20 But if this thing be true, and the tokens of virginity be not found for the damsel:
21 Then they shall bring out the damsel to the door of her father’s house, and the men of her city shall stone her with stones that she die: because she hath wrought folly in Israel, to play the whore in her father’s house: so shalt thou put evil away from among you.
22 If a man be found lying with a woman married to an husband, then they shall both of them die, both the man that lay with the woman, and the woman: so shalt thou put away evil from Israel.
23 If a damsel that is a virgin be betrothed unto an husband, and a man find her in the city, and lie with her;
24 Then ye shall bring them both out unto the gate of that city, and ye shall stone them with stones that they die; the damsel, because she cried not, being in the city; and the man, because he hath humbled his neighbour’s wife: so thou shalt put away evil from among you.
25 But if a man find a betrothed damsel in the field, and the man force her, and lie with her: then the man only that lay with her shall die:
26 But unto the damsel thou shalt do nothing; there is in the damsel no sin worthy of death: for as when a man riseth against his neighbour, and slayeth him, even so is this matter:
27 For he found her in the field, and the betrothed damsel cried, and there was none to save her.
28 If a man find a damsel that is a virgin, which is not betrothed, and lay hold on her, and lie with her, and they be found;
29 Then the man that lay with her shall give unto the damsel’s father fifty shekels of silver, and she shall be his wife; because he hath humbled her, he may not put her away all his days.
30 A man shall not take his father’s wife, nor discover his father’s skirt.
Israel observed the practice of a legally binding period of betrothal; some period of time later (apparently, typically a year or so) the marriage would follow. This betrothal does not compare very well to our modern practice of a marriage engagement or wedding ceremony. The betrothal was a legally-binding agreement between the father and groom. This usually took place a year or more before marriage. From the time of betrothal, the woman was regarded by everyone as the lawful wife of the man to whom she was betrothed (Deuteronomy 28:30 - see notes; Judges 14:2, 8 - see notes; Matthew 1:18-21 - see notes).The marriage itself consisted basically of the consummation of the relationship. Here's the unusual part. Immediately after the first night for the newlyweds, the parents of the bride would strip the bed and hold in storage the bed sheet for future reference. If the new husband ever called into question the virginity of the bride prior to that night, the stained bed sheet served as evidence before the elders of the city. A false accusation by the husband resulted in a stiff fine, and he relinquished his right to ever divorce her. However, if her virginity previous to her wedding night could not be proved, she was stoned to death.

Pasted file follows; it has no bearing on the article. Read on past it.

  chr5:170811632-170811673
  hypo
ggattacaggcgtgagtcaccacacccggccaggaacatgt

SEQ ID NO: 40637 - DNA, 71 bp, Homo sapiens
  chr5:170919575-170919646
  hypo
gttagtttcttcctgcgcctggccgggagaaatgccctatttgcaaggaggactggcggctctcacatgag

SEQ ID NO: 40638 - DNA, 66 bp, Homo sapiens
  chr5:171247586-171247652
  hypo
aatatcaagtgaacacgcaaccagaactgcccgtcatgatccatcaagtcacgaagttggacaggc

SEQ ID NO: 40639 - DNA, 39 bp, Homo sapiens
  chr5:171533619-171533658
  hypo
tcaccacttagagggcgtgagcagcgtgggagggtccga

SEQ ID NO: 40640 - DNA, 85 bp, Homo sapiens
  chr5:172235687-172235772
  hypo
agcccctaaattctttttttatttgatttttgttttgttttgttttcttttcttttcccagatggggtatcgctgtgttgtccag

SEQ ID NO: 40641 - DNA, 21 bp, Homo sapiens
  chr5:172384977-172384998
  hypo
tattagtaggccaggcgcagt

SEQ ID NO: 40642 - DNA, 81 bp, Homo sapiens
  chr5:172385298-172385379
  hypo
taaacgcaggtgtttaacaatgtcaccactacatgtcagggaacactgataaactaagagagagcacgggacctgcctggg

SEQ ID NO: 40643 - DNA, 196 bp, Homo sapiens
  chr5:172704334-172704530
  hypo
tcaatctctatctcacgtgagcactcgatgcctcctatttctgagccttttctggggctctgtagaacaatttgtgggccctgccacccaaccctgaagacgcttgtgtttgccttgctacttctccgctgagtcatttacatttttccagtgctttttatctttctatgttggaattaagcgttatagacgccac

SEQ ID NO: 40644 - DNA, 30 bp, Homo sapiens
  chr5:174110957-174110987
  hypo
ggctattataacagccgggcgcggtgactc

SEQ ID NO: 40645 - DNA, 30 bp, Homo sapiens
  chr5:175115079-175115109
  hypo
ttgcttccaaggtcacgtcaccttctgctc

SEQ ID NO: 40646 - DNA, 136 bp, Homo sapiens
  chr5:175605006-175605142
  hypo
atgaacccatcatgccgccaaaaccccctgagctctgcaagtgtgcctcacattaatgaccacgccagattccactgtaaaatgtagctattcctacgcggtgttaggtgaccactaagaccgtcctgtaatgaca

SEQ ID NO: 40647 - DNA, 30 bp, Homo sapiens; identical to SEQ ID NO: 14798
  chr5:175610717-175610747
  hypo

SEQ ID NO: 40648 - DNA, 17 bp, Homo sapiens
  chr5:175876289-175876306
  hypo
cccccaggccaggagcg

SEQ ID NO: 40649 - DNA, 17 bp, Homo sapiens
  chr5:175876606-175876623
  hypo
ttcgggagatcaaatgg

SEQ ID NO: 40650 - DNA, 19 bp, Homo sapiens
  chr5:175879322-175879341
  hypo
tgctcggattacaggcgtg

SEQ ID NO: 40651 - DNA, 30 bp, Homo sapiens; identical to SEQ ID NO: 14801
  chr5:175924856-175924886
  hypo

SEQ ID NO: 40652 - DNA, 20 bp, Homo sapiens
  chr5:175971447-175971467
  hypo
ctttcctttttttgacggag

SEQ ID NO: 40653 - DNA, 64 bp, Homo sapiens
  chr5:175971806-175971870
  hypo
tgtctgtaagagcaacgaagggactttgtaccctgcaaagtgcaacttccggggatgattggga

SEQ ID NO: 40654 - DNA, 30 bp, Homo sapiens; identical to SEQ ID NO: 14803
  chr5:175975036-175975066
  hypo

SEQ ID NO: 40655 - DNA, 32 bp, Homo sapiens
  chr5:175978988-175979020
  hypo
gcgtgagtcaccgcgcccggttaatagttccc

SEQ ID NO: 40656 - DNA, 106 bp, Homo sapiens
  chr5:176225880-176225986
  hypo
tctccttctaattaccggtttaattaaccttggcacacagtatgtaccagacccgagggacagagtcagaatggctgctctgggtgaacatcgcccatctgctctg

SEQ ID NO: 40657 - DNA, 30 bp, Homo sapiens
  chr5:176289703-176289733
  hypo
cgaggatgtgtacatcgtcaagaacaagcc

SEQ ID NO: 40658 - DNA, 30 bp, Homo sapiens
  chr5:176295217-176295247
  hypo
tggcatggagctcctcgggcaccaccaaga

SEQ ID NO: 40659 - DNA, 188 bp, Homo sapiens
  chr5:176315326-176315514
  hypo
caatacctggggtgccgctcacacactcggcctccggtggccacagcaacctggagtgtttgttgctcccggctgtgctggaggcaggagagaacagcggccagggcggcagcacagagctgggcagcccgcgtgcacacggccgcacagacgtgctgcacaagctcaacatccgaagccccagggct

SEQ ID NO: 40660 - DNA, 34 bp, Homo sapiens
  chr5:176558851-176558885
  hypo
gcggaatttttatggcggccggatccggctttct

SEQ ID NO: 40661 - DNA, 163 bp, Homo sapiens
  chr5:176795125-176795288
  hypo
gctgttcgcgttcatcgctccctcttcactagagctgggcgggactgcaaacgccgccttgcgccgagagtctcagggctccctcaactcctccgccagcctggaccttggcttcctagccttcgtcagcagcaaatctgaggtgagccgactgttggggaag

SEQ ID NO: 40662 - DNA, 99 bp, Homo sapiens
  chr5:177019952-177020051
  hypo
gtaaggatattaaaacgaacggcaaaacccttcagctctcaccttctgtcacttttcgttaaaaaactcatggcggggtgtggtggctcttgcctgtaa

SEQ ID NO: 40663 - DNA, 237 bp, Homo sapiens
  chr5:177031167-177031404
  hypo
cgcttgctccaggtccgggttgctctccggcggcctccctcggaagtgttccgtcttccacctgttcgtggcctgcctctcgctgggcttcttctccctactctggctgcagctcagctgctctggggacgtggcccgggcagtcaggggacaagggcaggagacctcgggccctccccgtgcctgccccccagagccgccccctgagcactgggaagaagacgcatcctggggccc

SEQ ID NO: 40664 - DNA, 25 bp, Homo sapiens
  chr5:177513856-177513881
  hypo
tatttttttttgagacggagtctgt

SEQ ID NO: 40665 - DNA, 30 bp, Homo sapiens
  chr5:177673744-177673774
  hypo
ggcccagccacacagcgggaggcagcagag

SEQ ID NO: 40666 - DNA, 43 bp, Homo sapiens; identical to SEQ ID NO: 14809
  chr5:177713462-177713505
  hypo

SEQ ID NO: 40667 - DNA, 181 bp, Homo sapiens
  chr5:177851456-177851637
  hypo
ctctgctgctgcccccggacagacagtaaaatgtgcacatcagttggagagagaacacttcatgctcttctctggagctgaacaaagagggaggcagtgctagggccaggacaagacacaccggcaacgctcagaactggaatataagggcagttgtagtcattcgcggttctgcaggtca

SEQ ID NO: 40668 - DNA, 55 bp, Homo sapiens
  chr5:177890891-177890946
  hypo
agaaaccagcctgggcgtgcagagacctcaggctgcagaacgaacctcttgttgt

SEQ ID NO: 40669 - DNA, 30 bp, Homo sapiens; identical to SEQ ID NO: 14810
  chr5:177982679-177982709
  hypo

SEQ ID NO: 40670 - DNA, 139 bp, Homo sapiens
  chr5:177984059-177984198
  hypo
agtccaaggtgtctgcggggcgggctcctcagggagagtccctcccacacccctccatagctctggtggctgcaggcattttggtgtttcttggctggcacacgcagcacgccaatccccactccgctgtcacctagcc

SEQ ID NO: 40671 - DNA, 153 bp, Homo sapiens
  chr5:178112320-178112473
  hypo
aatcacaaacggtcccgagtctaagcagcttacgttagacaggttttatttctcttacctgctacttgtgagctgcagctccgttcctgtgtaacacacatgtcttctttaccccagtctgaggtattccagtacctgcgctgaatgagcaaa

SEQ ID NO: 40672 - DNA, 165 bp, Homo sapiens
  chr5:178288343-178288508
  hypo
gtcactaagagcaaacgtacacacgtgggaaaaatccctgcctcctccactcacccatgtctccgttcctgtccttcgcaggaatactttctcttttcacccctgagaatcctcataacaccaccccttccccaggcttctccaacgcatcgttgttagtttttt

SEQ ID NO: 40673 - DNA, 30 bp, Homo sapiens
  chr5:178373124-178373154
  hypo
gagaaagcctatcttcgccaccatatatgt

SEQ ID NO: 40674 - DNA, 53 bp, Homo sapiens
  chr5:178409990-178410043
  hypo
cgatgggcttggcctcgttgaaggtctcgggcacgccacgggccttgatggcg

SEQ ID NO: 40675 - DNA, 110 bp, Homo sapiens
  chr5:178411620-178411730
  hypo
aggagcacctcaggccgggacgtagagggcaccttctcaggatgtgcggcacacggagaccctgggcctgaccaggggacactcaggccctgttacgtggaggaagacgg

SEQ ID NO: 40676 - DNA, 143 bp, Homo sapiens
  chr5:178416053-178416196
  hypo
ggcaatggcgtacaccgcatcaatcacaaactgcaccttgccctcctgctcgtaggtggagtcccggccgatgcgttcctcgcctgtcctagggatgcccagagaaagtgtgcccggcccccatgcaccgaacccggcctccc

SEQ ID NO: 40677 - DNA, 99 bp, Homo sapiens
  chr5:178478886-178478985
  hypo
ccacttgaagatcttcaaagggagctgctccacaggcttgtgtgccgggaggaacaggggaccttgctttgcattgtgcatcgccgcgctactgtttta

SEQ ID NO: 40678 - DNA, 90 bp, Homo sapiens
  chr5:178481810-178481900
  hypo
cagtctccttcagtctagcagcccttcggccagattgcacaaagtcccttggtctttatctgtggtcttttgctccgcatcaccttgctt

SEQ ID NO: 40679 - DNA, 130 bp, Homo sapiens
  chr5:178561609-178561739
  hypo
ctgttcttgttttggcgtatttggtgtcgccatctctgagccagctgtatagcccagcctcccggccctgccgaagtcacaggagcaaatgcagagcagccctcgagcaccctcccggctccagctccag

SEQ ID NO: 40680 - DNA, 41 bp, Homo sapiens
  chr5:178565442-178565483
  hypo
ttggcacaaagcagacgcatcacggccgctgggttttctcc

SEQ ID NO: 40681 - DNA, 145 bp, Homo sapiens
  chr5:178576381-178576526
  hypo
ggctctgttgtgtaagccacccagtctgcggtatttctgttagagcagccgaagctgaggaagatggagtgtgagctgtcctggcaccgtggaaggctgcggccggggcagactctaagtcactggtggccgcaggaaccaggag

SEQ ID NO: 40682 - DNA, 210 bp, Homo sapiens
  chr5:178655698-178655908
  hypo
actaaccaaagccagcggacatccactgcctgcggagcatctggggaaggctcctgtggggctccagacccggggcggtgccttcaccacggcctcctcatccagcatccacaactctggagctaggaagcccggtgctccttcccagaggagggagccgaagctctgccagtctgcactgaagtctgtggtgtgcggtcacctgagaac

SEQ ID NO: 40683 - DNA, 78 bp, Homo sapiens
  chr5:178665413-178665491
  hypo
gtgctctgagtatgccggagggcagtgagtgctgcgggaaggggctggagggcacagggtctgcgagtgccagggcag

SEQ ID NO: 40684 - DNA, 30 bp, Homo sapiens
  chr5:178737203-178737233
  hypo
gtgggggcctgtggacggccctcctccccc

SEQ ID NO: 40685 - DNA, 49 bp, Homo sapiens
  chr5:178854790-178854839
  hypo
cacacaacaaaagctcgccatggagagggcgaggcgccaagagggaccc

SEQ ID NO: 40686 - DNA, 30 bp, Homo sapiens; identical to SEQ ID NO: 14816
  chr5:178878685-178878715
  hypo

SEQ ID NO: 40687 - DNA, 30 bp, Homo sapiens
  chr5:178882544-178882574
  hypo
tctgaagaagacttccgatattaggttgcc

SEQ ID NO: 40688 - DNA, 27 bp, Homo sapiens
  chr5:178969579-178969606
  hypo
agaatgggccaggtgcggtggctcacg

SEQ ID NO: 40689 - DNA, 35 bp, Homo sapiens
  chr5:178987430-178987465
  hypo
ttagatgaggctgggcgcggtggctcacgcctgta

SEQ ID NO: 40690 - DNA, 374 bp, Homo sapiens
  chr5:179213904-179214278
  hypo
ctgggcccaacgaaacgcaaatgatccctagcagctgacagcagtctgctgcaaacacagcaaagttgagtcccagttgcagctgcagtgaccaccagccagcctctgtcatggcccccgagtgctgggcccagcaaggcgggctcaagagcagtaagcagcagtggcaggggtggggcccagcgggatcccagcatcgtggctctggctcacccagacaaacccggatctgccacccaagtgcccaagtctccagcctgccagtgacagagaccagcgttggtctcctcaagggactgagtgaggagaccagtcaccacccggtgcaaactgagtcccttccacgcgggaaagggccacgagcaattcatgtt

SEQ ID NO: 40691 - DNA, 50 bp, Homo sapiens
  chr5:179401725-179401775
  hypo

Verses 22-30 give us a view of the emphasis placed upon a Hebrew woman's virginity as well as the standing of their women in that society. Her virginity is treated more as the property of her father or husband rather than her own. You will notice is verses 23 and 24 that a man betrothed to a woman is called her husband.